Industrial engineers analyze companies to determine how efficient their procedures are and whether there are ways to improve on how things work within the structure of that business. To do their job properly, the industrial engineer has to become an expert on every level of the business. About 70% of industrial engineers work in the manufacturing industry. That means that they spend equal amounts of time on the manufacturing floor of a business as in the boardroom talking to company executives about potential improvements that could be made in the business. A lot of the products manufactured in the United States between World War II and the early 1980s contained asbestos. Some of the manufacturing businesses, especially those involving sheet metal, had huge amounts of asbestos fibers released during the manufacturing process. Industrial engineers working for these companies faced large amounts of exposure and potentially took a lot of asbestos dust home on their clothing. This asbestos could fall off in the engineer’s car or home, potentially exposing his family to asbestos as well.
Since the late 1970s regulations have been put in place to minimize workers’ exposure to asbestos. Many factories have been retrofitted to remove asbestos, and equipment in other factories has been replaced with new technology that can better contain asbestos. All of this is good news, but in many cases the person who designs the asbestos abatement plan for the company is an industrial engineer. Any remodel or retrofitting job can potentially expose asbestos that was previously contained. As soon as it is disturbed, the asbestos can become airborne and any person in the vicinity can inhale the asbestos fiber dust.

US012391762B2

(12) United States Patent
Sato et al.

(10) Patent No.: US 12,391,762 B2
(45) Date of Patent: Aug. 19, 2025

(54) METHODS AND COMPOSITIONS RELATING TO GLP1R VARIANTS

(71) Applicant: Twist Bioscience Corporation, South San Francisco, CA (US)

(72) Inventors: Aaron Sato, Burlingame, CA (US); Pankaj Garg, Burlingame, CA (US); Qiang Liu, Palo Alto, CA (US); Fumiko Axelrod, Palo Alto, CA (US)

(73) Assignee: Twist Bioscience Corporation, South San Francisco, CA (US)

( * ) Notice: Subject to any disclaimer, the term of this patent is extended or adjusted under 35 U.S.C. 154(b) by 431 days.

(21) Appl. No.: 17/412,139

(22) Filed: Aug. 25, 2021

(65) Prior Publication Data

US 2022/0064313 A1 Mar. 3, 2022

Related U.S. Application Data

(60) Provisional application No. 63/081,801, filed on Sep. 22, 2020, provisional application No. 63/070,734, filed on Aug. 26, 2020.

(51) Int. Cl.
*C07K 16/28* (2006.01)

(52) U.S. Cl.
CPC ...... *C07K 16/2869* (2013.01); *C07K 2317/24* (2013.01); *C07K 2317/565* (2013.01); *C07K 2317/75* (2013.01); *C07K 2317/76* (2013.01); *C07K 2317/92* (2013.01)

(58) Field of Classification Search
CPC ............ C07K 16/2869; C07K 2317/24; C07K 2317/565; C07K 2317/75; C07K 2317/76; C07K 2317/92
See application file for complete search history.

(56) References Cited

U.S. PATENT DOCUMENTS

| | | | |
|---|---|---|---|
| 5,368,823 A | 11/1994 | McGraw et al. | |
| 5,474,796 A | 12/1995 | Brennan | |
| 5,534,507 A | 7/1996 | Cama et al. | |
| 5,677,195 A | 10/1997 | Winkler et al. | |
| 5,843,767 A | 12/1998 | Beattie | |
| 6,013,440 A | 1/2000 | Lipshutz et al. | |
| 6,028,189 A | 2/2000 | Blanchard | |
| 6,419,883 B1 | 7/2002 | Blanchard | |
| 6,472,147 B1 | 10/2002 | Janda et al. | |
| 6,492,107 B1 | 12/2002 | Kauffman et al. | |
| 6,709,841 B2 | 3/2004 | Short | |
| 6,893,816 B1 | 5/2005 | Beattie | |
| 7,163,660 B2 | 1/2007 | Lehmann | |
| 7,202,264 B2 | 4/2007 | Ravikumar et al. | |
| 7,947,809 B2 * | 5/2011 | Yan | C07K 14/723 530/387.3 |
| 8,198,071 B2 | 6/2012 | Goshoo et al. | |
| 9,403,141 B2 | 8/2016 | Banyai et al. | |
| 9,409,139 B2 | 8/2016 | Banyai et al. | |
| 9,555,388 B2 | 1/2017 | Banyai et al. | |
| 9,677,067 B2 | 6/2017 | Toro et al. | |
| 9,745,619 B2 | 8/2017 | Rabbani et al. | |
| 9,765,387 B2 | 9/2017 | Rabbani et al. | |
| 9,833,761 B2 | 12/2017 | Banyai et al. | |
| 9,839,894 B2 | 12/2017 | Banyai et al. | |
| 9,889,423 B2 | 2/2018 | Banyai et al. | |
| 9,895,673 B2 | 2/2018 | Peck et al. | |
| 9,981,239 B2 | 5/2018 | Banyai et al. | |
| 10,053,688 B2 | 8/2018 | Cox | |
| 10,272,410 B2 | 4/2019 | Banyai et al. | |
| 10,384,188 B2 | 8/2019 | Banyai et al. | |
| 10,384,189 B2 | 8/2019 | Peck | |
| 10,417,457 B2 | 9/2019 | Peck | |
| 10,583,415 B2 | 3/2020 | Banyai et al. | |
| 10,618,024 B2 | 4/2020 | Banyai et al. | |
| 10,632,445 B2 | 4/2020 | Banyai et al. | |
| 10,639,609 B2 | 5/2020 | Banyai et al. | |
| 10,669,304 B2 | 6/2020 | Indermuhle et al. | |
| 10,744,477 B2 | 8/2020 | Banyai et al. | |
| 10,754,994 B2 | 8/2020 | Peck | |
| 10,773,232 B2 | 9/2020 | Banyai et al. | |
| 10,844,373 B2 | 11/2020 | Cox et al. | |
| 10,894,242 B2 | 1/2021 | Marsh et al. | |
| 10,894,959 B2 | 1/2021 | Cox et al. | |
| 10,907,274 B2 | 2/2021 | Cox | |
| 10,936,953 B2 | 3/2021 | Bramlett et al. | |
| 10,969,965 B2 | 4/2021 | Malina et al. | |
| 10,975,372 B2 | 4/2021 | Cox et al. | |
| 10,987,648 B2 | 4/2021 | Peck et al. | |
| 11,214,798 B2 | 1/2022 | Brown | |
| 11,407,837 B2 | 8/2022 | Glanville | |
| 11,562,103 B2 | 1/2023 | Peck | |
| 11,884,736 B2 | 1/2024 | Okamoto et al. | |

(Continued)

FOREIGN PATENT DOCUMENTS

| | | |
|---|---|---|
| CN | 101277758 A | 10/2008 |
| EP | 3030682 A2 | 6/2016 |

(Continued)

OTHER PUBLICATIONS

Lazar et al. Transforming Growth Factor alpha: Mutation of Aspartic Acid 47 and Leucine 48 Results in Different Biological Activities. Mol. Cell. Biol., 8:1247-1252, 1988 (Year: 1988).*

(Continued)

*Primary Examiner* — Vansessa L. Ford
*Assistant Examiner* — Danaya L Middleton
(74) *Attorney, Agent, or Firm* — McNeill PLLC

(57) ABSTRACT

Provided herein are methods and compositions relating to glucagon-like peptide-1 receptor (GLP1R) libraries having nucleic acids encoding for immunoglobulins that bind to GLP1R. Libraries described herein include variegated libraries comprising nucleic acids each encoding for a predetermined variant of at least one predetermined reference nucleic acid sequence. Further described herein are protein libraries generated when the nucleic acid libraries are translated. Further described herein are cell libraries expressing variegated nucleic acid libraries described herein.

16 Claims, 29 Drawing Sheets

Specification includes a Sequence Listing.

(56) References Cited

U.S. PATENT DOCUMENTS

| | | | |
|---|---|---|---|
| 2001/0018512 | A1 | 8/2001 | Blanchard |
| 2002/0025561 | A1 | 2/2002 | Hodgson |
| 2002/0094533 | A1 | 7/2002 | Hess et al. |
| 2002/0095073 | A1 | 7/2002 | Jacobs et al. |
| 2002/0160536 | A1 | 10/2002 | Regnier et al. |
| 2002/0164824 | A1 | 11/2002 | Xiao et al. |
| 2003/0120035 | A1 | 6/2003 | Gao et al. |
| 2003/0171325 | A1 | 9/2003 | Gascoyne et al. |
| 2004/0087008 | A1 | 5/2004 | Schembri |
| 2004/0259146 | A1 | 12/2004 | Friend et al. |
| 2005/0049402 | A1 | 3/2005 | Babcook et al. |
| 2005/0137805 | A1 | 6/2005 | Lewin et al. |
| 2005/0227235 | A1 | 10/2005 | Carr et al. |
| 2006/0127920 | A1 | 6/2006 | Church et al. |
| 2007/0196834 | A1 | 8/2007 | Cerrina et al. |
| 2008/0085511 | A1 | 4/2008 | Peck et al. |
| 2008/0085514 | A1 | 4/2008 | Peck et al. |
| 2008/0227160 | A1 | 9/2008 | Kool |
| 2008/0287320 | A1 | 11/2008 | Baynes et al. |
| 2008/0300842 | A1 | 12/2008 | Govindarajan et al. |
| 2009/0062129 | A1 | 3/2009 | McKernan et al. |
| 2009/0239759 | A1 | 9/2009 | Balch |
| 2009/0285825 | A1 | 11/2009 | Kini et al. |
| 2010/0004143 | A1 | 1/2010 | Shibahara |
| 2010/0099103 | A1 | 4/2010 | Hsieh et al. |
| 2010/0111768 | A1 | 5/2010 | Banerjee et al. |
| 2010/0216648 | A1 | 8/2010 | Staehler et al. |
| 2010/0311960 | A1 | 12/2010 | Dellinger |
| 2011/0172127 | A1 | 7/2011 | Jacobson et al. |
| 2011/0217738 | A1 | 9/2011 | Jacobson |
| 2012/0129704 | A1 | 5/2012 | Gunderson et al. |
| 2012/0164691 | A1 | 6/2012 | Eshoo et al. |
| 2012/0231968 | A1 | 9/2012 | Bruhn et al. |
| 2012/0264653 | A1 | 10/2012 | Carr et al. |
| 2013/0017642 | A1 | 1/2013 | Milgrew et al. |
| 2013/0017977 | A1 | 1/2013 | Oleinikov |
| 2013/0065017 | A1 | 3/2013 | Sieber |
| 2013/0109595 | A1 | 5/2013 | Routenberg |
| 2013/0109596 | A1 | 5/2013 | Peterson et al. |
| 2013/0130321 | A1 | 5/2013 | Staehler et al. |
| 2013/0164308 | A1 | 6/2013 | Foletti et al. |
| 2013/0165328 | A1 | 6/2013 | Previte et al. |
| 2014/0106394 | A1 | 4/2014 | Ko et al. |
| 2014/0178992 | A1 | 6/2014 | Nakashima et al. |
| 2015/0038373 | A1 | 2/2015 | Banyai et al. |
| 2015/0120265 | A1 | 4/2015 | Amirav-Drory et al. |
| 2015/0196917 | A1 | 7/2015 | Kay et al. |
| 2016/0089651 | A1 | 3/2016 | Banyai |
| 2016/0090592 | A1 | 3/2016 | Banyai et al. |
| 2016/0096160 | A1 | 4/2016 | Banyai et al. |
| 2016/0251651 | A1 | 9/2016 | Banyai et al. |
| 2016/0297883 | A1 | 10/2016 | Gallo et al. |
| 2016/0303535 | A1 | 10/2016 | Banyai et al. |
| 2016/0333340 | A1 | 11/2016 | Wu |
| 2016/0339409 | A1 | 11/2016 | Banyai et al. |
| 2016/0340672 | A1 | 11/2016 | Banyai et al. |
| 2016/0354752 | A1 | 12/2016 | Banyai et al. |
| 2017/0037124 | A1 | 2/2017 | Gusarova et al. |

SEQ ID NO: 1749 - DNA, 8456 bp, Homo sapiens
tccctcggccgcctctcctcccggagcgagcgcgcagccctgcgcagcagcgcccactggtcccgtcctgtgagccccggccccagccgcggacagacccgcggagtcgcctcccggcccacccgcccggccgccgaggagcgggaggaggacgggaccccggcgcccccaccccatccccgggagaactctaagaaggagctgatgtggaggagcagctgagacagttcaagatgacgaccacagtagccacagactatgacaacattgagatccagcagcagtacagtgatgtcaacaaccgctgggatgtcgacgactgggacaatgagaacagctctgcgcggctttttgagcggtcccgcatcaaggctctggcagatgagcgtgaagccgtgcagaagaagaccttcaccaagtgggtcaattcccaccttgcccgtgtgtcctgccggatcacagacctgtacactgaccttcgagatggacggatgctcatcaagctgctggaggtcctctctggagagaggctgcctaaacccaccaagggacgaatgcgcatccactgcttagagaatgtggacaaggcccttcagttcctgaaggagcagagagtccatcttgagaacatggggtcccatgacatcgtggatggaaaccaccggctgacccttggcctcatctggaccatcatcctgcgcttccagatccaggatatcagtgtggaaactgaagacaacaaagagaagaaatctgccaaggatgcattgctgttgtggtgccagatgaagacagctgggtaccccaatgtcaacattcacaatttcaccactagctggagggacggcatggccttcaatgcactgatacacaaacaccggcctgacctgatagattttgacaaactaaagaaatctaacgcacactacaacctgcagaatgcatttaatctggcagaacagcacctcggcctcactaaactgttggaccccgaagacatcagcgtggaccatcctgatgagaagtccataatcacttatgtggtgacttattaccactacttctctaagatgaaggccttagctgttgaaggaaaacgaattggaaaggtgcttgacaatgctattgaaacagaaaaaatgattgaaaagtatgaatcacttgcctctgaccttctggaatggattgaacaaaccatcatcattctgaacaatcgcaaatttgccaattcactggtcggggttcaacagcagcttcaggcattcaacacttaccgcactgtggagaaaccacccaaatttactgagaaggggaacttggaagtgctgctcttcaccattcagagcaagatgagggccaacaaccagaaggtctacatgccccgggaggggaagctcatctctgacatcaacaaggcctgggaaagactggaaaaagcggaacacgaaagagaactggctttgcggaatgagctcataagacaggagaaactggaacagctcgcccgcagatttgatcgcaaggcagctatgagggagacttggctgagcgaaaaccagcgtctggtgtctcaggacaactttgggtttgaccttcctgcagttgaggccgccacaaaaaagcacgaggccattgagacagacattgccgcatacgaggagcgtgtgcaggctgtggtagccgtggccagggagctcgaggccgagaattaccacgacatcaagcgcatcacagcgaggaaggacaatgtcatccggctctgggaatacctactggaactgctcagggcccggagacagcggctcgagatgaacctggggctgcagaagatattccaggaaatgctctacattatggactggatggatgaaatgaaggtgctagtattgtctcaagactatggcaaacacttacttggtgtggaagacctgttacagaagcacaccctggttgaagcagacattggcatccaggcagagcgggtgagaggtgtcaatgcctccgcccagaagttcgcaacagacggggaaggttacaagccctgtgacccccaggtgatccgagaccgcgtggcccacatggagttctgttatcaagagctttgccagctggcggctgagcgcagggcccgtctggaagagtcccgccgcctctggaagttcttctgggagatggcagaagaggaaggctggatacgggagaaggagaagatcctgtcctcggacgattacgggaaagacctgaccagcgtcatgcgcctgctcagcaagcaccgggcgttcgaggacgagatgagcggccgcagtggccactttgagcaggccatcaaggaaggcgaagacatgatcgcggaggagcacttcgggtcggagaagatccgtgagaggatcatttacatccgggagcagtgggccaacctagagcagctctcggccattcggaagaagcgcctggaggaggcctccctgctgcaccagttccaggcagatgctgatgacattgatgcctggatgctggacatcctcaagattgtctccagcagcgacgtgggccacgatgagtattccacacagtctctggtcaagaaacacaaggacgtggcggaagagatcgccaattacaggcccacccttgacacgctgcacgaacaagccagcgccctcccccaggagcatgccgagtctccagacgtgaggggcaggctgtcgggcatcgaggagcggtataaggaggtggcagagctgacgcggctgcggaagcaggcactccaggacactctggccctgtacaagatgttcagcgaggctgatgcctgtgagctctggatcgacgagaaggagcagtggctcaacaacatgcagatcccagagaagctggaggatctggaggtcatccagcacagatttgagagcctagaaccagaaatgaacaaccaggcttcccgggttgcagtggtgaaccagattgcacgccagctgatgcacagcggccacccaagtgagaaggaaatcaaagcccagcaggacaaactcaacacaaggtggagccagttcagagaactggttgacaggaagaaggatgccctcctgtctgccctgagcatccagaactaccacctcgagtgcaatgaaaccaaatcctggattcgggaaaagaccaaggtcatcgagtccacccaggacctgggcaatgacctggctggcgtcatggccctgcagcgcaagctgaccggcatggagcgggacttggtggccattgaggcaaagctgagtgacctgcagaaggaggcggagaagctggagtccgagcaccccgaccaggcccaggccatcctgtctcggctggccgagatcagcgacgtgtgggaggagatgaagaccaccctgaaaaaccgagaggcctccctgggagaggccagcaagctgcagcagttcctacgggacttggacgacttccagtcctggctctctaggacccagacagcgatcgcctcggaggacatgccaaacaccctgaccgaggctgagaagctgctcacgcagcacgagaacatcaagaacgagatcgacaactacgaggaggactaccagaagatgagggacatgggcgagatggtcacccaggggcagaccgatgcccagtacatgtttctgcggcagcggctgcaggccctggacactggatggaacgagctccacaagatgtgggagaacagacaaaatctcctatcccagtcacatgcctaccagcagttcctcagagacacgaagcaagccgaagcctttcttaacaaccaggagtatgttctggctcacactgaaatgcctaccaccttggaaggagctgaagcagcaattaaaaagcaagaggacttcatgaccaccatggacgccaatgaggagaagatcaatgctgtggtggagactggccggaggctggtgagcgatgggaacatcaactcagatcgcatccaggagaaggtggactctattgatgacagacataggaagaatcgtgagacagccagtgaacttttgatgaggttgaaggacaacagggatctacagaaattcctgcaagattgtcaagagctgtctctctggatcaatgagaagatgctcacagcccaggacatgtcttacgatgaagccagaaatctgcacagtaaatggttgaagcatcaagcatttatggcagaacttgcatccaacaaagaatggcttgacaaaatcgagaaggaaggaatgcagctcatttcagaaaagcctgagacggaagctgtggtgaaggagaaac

Despite researchers being aware that asbestos was dangerous, asbestos was found in as many as 3000 products during the peak of its use between the 1940s and the late 1970s and early 1980s. It is a mineral that is both chemically inert and totally resistant to fire, as well as being a highly effective insulator against both electricity and heat. Asbestos fibers break apart very easily, creating tiny lightweight asbestos dust that is too small to be seen without a microscope. When the fibers get into the body they can become imbedded in the tissue in and around the lungs, causing a host of diseases like asbestosis and mesothelioma.
Even the ancient Greeks were aware that asbestos caused problems with the lungs, and studies confirming that it causes respiratory problems were conducted during the 1930s. The general public, however, wasn’t aware of the dangers or the extent of the problem. Asbestos causes several health problems, most of which have a latency period of 15 years or more. Asbestos causes asbestosis and has been associated with several forms of asbestos cancer including lung cancer and mesothelioma. Malignant mesothelioma is a rare cancer of the membrane that surrounds the lungs and lines the chest cavity in its most popular form, known as pleural mesothelioma, as well as the heart (pericardial mesothelioma), abdomen (peritonial mesothelioma) and testicles (testicular mesothelioma). In its early stages mesothelioma only causes mild shortness of breath during exercise. Few people even recognize it a symptom of a medical problem. The difficulty in breathing gets worse as the disease progresses and is accompanied by increasing chest pain.
If caught in the earliest stages, before the cancer has metastasized, the tumor may be surgically removed. If the cancer has spread, as is usually the case when mesothelioma is diagnosed, surgical removal is less likely to be successful. At later stages doctors use a combination of chemotherapy, radiation, and surgery to try to slow the growth of the cancer. Although more treatment options are being developed all the time, there is still no cure for mesothelioma, and few people live more than two years after initial diagnosis.